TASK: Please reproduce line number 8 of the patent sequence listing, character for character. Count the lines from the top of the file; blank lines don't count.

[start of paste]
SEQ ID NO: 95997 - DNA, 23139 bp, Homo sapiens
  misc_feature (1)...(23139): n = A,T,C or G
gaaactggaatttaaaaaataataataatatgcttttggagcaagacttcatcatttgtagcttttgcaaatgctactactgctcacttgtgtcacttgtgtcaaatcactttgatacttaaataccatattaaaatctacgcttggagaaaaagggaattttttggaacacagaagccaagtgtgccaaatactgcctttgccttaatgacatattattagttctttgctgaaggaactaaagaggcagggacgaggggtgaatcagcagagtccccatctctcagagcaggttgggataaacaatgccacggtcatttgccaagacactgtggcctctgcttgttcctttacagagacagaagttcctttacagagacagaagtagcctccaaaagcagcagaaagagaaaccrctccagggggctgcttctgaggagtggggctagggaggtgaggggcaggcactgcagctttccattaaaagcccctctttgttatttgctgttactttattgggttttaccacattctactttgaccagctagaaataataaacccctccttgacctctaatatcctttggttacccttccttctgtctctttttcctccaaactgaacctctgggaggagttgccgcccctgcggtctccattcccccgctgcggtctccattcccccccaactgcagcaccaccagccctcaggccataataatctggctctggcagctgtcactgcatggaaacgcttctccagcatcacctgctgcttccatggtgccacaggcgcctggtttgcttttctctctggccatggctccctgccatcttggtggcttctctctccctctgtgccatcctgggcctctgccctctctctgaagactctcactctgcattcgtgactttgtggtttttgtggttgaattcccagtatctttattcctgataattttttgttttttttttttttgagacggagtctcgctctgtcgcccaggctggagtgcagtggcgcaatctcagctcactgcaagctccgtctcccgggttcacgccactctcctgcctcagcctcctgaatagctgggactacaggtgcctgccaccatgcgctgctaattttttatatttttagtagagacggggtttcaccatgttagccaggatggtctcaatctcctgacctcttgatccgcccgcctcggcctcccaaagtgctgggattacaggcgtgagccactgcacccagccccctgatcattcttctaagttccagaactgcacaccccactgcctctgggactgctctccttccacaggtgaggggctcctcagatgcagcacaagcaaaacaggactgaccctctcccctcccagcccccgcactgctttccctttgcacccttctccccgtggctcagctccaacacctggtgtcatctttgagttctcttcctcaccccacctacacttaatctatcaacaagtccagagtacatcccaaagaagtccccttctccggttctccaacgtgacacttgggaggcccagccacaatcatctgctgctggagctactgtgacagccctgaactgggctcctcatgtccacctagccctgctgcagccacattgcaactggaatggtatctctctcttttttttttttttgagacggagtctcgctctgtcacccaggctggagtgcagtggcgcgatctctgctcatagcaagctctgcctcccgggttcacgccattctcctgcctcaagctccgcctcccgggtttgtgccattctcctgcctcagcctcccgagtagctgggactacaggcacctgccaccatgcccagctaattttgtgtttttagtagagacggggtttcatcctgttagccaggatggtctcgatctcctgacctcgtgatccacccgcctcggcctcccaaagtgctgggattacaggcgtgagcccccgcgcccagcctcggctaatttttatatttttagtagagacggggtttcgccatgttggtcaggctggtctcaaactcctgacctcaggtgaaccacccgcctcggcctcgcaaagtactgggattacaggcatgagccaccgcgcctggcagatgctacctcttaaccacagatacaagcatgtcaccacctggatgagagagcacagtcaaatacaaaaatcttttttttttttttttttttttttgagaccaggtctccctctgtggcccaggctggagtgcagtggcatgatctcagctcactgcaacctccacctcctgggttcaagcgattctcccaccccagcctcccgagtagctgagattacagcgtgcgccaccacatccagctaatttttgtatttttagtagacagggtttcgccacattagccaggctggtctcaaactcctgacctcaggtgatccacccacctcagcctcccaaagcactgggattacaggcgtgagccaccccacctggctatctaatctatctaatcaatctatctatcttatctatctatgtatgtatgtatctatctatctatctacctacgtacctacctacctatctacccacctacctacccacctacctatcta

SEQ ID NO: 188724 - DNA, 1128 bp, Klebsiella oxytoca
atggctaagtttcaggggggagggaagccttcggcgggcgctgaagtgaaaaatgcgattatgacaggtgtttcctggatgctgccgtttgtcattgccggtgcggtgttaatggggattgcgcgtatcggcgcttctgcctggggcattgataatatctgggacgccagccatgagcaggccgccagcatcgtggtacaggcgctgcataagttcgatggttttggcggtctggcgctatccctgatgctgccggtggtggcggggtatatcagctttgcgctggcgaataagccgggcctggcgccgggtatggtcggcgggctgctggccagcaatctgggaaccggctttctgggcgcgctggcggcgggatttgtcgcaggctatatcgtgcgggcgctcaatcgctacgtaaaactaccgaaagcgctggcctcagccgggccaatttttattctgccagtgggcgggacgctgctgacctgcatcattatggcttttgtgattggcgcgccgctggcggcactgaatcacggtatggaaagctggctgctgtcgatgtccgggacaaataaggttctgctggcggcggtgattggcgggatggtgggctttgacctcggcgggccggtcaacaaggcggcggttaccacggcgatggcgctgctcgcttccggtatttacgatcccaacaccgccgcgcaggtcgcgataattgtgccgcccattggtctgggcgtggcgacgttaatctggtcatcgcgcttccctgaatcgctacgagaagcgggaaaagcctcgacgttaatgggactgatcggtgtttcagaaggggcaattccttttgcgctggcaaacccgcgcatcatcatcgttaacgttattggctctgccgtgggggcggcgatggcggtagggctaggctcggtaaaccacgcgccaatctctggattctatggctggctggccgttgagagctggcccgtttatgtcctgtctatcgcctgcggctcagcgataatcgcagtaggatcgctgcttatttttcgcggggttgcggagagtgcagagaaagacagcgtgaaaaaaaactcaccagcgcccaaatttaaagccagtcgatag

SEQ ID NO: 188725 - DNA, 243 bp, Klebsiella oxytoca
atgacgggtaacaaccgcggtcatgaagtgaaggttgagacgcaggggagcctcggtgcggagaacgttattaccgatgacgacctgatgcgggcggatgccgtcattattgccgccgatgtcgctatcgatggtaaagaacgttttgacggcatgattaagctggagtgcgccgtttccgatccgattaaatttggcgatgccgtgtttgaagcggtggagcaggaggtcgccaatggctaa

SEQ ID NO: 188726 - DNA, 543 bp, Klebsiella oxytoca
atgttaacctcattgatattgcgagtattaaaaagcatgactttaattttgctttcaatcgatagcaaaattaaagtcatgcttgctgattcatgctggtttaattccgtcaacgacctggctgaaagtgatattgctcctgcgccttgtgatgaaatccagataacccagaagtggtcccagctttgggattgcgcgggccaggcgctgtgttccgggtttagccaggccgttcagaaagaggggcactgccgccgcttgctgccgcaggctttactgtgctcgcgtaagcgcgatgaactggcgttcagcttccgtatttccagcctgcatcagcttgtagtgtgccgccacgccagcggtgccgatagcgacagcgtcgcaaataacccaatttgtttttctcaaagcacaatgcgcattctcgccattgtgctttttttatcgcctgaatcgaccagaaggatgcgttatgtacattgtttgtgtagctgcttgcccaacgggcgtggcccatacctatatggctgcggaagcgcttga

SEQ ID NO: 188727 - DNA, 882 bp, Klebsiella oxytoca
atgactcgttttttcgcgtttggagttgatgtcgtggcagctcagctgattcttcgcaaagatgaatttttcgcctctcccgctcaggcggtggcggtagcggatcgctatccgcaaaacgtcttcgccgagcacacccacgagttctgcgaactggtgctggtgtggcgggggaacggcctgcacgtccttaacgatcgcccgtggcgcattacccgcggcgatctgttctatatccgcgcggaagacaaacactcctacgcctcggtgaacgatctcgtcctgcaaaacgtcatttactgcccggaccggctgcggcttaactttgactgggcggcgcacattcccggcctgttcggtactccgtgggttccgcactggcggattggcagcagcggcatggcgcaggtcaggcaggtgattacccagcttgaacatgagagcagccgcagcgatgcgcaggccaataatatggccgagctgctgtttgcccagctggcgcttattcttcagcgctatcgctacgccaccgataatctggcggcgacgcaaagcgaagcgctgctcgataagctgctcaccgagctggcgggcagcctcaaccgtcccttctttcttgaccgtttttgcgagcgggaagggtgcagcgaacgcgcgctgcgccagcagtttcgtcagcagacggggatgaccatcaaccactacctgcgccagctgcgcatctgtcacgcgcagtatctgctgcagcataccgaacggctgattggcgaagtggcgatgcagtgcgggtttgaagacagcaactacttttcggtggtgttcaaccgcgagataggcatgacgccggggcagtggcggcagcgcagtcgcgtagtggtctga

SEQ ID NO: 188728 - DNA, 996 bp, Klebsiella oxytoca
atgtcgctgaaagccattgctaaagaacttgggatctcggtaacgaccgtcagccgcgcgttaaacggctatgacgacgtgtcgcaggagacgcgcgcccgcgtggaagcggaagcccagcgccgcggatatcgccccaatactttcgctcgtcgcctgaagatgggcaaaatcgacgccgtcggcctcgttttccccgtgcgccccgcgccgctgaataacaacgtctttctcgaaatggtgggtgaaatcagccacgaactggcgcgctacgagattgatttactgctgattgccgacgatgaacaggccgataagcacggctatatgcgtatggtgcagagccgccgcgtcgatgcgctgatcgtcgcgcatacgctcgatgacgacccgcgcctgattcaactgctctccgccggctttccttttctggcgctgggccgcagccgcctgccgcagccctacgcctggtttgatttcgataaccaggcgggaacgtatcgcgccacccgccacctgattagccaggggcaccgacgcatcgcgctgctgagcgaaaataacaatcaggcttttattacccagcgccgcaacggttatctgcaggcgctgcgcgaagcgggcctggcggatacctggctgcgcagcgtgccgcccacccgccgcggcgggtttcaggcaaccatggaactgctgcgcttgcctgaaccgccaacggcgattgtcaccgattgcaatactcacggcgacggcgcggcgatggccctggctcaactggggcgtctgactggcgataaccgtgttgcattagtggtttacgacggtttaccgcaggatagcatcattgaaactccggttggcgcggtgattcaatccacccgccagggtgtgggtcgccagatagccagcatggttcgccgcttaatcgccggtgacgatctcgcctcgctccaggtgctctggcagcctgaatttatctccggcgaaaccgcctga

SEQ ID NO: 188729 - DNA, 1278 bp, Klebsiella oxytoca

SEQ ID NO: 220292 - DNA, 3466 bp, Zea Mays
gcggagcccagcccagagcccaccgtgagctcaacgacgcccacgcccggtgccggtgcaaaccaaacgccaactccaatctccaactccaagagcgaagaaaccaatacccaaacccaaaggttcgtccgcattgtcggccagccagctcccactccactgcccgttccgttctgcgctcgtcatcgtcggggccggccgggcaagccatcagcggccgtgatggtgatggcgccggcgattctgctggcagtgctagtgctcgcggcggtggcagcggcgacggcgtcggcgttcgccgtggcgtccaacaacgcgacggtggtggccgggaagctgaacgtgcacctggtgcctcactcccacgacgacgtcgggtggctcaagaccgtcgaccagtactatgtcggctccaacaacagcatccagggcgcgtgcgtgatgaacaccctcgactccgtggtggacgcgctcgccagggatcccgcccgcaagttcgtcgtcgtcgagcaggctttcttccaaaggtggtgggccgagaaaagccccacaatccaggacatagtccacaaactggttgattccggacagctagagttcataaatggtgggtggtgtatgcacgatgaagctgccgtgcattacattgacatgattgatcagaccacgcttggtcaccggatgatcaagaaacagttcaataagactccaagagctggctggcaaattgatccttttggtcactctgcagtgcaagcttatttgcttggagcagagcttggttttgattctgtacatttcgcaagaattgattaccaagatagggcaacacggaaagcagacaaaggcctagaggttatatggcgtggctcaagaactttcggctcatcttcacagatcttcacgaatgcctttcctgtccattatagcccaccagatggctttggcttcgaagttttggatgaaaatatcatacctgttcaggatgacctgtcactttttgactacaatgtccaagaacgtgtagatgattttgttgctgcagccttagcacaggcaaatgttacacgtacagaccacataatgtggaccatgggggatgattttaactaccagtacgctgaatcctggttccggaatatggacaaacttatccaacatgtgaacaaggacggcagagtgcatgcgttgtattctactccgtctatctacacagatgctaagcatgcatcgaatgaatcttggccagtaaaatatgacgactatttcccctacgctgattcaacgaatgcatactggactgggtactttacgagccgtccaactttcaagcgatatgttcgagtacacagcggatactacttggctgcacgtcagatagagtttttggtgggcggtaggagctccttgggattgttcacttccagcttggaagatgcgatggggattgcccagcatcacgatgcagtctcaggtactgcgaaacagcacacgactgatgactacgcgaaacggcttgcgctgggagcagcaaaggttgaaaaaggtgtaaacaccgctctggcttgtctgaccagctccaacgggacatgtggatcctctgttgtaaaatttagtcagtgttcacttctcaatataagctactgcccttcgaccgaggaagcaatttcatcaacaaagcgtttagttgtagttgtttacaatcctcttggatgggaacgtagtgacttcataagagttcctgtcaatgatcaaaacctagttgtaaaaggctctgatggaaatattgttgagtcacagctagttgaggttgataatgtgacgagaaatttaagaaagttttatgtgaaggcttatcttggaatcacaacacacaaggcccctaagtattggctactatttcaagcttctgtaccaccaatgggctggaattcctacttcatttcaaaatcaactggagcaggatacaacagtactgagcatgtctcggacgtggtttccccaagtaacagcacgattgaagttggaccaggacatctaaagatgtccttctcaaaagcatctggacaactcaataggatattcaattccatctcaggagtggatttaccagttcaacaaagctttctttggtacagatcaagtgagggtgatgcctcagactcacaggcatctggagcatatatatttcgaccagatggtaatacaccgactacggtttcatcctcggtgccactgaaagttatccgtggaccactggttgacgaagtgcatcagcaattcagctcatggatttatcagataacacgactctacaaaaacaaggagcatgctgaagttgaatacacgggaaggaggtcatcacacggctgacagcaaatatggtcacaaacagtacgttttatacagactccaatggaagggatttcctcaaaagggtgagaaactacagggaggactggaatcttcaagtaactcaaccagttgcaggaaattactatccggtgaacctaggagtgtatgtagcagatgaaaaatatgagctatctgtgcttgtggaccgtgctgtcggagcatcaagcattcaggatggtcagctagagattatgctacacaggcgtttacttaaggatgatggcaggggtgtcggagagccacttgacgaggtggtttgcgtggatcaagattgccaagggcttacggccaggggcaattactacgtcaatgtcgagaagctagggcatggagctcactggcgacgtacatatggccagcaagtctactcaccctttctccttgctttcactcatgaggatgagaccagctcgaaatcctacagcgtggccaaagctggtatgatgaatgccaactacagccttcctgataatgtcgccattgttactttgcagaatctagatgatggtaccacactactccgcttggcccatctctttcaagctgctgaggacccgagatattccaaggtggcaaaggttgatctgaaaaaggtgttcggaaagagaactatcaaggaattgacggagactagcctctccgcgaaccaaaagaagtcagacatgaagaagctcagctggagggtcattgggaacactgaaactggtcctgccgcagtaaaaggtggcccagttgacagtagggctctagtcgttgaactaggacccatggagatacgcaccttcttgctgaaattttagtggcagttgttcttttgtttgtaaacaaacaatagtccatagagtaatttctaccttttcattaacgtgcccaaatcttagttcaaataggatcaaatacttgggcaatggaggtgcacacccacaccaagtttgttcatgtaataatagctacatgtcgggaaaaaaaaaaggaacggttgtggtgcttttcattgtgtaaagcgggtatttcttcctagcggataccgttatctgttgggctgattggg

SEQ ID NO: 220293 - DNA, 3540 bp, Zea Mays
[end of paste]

SEQ ID NO: 188726 - DNA, 543 bp, Klebsiella oxytoca